That’s right ladies and gentleman, I was yet to embark on one of the most interesting yet harrowing experiences of my life – a night-shift at ITV Studios. I’d managed to arrange the shift during my work experience in September with Loose Women by sitting down with Nick Thomas, the Head of Editing for Daytime, who invited me along to one.

For those of you who don’t know, the editing suites in broadcast television work 24 hours a day, with editors working in 12 hour shifts. So from 9:30pm to 9:30am, I would be shadowing the daybreak editors who worked through the night editing all the clips (known as VT’s) for the following morning shows. I spent most of the night with a guy called Chris who seriously knew his stuff, having started out in MMA 13 years ago and worked his way up from there. It was a really great insight into ITV’s editing workflows and I continued to learn about the importance of Avid’s hardware in such large-scale operations.

I only had one nap the whole night, which I’d consider a success, even though the lines I woke up with on my face from sleeping on my jacket were so deep they made me look like I’d been mauled by a large cat. I can honestly say that was probably the most tired I’ve ever felt in my life – my body was trying to forcibly shut down regularly, like someone as holding down the power button on my brain.

In spite of this I have to admit it was loads of fun, I’ll definitely see if I can do it again!

Starting out at the Atlas

Today I went to London to meet with Cathy Runciman and Lisa Goldapple, Co-founder and Editor-in-chief of Atlas of the Future. It was good to see Cathy again and to meet Lisa in person, who largely operates from Barcelona. We started out discussing the plans for the future of the Atlas and how I might play a role in them, which will continue to develop as my relationship with the organisation does. For the moment, under the instruction of Lisa, I plan to help with the running of the Atlas website as well as their Instagram page. The Instagram page offers an opportunity for growth, both in terms of the way it operates and its subsequent outreach. I have a couple of ideas for how to explore this potential growth and will keep those ideas up-to-date on here.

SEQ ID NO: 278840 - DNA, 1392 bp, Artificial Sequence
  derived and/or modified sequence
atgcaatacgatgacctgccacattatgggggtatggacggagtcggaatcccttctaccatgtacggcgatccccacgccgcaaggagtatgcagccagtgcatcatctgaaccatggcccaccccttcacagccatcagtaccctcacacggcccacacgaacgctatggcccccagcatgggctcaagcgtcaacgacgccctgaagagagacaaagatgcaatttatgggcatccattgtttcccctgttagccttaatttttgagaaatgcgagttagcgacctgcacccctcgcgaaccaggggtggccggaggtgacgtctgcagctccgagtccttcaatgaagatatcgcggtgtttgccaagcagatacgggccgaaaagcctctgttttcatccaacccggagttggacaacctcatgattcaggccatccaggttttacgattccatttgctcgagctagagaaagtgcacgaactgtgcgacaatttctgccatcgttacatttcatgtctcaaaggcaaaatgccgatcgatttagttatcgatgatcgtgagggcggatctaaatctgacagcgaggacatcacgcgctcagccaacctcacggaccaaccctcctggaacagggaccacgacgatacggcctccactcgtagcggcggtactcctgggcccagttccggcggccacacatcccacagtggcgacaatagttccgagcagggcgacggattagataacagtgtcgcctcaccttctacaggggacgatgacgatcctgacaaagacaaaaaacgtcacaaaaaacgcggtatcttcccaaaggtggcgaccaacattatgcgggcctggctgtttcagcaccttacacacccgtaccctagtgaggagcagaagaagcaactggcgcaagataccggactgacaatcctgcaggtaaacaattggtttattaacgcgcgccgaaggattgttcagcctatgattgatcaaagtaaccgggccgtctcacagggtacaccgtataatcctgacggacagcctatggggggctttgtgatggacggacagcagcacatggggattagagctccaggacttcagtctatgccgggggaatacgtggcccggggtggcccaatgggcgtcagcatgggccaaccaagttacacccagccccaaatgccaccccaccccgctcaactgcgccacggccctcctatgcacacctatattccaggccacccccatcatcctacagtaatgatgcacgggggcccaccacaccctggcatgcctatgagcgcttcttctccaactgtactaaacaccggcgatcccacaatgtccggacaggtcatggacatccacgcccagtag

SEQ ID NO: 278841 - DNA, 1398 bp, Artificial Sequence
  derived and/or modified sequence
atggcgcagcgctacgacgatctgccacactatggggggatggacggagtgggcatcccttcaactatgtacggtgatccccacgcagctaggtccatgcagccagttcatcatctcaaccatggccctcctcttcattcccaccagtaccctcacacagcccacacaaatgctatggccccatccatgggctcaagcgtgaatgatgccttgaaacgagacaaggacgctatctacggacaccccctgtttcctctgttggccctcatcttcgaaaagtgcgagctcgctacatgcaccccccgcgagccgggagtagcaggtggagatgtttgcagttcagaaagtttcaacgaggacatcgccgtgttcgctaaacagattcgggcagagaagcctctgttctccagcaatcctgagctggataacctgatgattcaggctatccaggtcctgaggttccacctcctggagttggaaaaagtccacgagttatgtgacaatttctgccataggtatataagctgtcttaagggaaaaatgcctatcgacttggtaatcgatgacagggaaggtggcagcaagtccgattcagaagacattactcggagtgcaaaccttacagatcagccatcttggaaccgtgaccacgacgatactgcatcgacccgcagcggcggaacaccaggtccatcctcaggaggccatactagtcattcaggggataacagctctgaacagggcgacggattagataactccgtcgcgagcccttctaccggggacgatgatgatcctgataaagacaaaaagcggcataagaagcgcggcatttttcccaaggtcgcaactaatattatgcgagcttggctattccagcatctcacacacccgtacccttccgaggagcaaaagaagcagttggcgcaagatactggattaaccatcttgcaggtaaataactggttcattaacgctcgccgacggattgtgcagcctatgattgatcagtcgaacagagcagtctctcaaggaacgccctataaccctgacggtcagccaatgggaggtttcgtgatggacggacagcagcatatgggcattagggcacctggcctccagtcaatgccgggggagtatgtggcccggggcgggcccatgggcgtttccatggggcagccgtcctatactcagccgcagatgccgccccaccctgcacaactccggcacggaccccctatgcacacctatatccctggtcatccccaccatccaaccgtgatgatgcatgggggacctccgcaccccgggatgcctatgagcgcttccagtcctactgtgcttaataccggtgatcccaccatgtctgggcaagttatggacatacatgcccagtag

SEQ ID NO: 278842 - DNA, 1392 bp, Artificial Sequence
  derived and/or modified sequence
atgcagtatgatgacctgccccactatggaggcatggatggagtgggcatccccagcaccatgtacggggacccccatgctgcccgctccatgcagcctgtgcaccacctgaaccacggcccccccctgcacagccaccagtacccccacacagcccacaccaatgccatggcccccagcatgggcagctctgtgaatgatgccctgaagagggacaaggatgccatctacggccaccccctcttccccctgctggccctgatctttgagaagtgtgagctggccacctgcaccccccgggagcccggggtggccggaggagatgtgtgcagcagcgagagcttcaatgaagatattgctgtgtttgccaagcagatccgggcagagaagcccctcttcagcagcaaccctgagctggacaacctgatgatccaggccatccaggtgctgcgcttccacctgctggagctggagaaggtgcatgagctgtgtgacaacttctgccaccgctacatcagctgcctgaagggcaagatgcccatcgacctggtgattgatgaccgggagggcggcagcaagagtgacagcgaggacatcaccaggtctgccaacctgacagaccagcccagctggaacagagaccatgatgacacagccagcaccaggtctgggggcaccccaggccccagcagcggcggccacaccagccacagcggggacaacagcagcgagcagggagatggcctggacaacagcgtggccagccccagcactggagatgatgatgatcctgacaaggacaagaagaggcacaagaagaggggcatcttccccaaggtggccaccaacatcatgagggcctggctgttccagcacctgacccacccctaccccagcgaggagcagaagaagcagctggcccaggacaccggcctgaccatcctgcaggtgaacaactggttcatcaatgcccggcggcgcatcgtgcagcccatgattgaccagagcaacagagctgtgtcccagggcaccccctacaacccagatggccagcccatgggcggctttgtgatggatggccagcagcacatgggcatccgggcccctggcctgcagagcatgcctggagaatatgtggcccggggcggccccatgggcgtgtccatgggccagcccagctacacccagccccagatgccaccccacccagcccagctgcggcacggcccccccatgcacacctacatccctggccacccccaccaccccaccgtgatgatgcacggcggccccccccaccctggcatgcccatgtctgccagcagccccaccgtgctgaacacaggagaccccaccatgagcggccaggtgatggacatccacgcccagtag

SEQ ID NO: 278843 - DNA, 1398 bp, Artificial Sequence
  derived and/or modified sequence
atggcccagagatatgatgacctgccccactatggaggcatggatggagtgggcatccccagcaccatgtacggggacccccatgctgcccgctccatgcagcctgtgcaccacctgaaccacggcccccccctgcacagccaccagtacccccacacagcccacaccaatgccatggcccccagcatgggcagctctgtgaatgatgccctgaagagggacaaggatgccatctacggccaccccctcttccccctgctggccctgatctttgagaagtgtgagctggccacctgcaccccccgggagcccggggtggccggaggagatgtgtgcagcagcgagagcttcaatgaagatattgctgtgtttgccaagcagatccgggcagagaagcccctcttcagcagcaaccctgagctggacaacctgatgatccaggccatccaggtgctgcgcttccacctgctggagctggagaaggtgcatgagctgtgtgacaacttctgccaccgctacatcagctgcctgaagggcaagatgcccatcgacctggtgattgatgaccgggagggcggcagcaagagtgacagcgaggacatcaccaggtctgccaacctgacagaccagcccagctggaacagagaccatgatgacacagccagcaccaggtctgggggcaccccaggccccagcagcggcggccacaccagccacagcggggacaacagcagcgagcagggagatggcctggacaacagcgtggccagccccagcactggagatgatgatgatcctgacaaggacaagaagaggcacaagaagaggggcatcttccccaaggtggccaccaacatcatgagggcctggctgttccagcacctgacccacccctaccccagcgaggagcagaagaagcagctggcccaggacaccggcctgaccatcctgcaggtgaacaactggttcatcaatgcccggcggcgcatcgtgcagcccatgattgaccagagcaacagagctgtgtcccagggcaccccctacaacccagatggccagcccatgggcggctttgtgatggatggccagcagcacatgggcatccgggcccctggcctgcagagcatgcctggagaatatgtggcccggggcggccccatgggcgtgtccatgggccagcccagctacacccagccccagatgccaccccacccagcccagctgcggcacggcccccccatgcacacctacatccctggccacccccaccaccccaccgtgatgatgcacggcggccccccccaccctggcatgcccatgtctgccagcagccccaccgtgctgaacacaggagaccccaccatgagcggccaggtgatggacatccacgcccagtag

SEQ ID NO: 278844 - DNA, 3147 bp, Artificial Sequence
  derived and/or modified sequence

We also met with a few of the clients which the Atlas is working with at the moment. GreenLab is a new set-up in London which works with local people and organisations to trial food-based sustainability projects. From using hydroponics to grow food with fish-poo to investigating mealworms as a potential food-source, GreenLab offers a space to try these small-scale projects which could have worldwide impact. There is the potential for me to spend some time in the lab documenting some of these projects and the growth of the relatively new space in which they are being trialled. This will be my first practical project with the Atlas and one which I’m very excited to begin working on.

 Traditional methods         Fish Poo